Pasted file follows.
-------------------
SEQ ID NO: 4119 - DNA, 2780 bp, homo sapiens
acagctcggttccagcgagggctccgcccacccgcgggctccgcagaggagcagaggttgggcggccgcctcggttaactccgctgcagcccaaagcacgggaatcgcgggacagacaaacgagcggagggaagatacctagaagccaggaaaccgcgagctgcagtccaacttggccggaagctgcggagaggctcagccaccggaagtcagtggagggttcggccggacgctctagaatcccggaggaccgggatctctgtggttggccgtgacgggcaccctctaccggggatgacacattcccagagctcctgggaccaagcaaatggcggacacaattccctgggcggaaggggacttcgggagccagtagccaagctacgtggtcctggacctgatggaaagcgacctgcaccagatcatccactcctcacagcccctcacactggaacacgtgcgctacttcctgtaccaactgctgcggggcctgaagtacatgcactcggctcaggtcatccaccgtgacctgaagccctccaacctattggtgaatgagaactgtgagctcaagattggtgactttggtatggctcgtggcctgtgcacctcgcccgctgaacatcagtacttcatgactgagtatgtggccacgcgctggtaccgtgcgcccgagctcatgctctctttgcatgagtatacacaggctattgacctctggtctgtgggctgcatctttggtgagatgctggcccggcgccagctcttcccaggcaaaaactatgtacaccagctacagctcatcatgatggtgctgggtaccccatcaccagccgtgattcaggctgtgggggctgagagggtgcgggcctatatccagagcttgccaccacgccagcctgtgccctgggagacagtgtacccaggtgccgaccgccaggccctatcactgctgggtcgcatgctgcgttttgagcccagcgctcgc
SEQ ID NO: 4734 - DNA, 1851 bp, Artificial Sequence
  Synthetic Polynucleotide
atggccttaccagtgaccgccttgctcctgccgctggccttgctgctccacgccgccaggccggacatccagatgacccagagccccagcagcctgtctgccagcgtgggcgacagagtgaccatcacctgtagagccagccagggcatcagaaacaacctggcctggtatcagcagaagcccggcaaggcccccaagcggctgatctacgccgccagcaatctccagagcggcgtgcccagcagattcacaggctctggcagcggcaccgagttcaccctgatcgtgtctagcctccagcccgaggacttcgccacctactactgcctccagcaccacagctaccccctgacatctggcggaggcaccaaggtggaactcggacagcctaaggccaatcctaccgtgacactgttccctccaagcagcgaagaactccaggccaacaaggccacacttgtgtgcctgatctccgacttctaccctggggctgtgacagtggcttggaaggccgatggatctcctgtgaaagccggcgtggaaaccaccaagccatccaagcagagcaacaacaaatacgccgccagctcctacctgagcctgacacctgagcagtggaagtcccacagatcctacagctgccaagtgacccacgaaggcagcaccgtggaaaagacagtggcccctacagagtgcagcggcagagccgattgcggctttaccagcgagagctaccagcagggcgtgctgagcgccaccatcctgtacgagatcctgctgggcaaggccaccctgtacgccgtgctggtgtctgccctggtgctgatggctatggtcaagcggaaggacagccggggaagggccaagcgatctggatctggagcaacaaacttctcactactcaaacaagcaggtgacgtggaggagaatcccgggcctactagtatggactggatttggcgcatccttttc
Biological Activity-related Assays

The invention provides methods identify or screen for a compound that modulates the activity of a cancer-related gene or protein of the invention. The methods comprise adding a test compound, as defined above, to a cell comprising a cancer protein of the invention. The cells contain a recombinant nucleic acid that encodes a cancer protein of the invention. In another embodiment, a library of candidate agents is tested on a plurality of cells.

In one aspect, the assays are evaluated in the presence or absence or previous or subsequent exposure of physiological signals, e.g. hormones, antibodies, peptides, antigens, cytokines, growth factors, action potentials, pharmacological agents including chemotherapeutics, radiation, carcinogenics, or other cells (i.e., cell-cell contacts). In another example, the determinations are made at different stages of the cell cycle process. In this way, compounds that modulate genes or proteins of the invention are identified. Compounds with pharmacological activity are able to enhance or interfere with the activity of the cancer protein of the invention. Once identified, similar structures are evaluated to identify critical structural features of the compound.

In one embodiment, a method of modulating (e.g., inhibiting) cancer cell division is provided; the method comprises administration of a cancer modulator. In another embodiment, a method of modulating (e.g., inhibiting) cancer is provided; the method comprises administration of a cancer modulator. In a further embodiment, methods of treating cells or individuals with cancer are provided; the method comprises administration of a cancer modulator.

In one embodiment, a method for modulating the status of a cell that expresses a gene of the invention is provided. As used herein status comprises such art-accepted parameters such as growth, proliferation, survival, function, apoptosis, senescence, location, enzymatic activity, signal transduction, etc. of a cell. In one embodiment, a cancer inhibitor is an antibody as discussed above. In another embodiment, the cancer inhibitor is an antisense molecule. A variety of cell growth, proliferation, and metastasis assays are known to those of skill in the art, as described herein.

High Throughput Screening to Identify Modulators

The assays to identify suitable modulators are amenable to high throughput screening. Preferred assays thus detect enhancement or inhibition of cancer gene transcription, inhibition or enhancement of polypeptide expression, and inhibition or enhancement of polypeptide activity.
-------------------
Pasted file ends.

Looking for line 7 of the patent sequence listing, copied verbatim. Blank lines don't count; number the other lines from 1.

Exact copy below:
The invention provides methods identify or screen for a compound that modulates the activity of a cancer-related gene or protein of the invention. The methods comprise adding a test compound, as defined above, to a cell comprising a cancer protein of the invention. The cells contain a recombinant nucleic acid that encodes a cancer protein of the invention. In another embodiment, a library of candidate agents is tested on a plurality of cells.